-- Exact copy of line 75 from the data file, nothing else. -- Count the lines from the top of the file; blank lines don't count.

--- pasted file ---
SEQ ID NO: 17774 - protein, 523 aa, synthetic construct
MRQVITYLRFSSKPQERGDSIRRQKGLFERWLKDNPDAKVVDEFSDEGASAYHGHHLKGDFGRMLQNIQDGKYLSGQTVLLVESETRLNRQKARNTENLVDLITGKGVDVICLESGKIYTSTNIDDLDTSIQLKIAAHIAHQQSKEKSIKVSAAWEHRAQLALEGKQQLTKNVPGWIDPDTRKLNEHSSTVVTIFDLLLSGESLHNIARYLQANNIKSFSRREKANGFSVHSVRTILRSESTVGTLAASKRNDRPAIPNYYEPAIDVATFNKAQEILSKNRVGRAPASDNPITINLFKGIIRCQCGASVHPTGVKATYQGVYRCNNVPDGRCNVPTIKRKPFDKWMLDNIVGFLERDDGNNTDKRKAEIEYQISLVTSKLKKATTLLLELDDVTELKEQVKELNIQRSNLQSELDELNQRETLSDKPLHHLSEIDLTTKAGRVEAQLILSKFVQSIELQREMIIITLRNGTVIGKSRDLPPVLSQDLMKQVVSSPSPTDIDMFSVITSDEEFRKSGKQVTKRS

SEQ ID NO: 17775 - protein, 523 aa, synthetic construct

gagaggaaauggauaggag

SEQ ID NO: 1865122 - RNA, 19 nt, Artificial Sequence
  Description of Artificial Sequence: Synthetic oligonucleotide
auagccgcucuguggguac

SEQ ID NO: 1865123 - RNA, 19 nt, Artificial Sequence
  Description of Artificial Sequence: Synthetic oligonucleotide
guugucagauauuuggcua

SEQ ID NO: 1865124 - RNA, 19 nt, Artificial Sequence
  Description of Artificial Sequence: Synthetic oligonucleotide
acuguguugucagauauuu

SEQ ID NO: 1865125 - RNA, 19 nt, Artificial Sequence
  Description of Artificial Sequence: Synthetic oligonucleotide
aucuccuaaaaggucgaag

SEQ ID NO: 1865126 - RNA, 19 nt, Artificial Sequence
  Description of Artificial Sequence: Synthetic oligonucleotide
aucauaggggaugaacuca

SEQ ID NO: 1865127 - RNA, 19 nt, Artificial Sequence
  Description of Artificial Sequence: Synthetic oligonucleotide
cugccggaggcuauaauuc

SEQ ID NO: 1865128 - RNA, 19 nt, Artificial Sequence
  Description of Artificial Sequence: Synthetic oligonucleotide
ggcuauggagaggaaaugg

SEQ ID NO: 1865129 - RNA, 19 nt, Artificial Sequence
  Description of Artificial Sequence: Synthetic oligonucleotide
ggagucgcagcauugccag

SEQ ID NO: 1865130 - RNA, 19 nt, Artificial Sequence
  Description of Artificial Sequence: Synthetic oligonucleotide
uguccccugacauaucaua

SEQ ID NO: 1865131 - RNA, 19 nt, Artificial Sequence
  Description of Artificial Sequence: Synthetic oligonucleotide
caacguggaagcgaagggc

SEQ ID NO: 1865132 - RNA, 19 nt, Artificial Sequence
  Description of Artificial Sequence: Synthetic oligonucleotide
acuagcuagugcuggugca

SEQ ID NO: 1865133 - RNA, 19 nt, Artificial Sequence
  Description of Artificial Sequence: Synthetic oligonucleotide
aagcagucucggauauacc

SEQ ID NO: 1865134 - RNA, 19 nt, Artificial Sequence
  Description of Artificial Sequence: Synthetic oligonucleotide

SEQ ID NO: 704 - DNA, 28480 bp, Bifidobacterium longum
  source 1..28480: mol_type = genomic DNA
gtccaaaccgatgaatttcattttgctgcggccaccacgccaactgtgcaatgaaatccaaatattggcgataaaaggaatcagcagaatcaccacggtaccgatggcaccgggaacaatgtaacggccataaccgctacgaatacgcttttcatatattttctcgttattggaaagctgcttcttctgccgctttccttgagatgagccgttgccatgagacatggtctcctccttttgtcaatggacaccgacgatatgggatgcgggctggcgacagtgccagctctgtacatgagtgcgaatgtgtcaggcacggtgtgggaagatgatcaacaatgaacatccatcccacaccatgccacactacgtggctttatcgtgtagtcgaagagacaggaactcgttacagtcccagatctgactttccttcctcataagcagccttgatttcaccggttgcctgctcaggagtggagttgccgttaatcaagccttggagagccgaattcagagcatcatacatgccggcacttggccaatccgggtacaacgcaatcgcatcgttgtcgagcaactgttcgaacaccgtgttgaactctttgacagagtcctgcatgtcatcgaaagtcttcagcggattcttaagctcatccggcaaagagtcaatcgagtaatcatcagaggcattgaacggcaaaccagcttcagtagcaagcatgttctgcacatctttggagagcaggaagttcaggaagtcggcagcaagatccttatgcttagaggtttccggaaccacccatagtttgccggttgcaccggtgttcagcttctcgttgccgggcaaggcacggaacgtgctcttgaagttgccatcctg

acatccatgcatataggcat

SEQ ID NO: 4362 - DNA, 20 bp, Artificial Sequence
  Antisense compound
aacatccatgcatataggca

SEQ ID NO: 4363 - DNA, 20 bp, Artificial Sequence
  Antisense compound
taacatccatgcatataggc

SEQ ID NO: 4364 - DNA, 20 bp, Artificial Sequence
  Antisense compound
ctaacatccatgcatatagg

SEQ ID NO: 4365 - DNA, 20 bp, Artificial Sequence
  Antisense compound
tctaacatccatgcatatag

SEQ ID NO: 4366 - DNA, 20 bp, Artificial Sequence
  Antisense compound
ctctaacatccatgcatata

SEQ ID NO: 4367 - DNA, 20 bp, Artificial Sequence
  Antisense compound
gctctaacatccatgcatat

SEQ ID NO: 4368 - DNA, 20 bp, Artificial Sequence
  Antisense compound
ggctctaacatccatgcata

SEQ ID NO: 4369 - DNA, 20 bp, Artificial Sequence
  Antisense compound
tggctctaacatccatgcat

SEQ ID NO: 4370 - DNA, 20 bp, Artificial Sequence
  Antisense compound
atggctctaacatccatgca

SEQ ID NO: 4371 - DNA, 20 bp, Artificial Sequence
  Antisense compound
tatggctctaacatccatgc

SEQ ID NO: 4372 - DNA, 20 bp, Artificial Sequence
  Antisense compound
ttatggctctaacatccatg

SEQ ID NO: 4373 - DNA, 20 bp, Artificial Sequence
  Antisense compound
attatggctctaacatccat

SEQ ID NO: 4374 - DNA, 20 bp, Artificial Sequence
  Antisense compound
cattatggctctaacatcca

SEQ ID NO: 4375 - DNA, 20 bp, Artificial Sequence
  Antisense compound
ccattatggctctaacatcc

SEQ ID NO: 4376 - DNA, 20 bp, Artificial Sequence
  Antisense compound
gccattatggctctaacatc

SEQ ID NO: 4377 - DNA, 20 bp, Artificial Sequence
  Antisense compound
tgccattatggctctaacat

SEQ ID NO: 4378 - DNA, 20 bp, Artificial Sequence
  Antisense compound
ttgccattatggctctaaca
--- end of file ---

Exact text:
  Antisense compound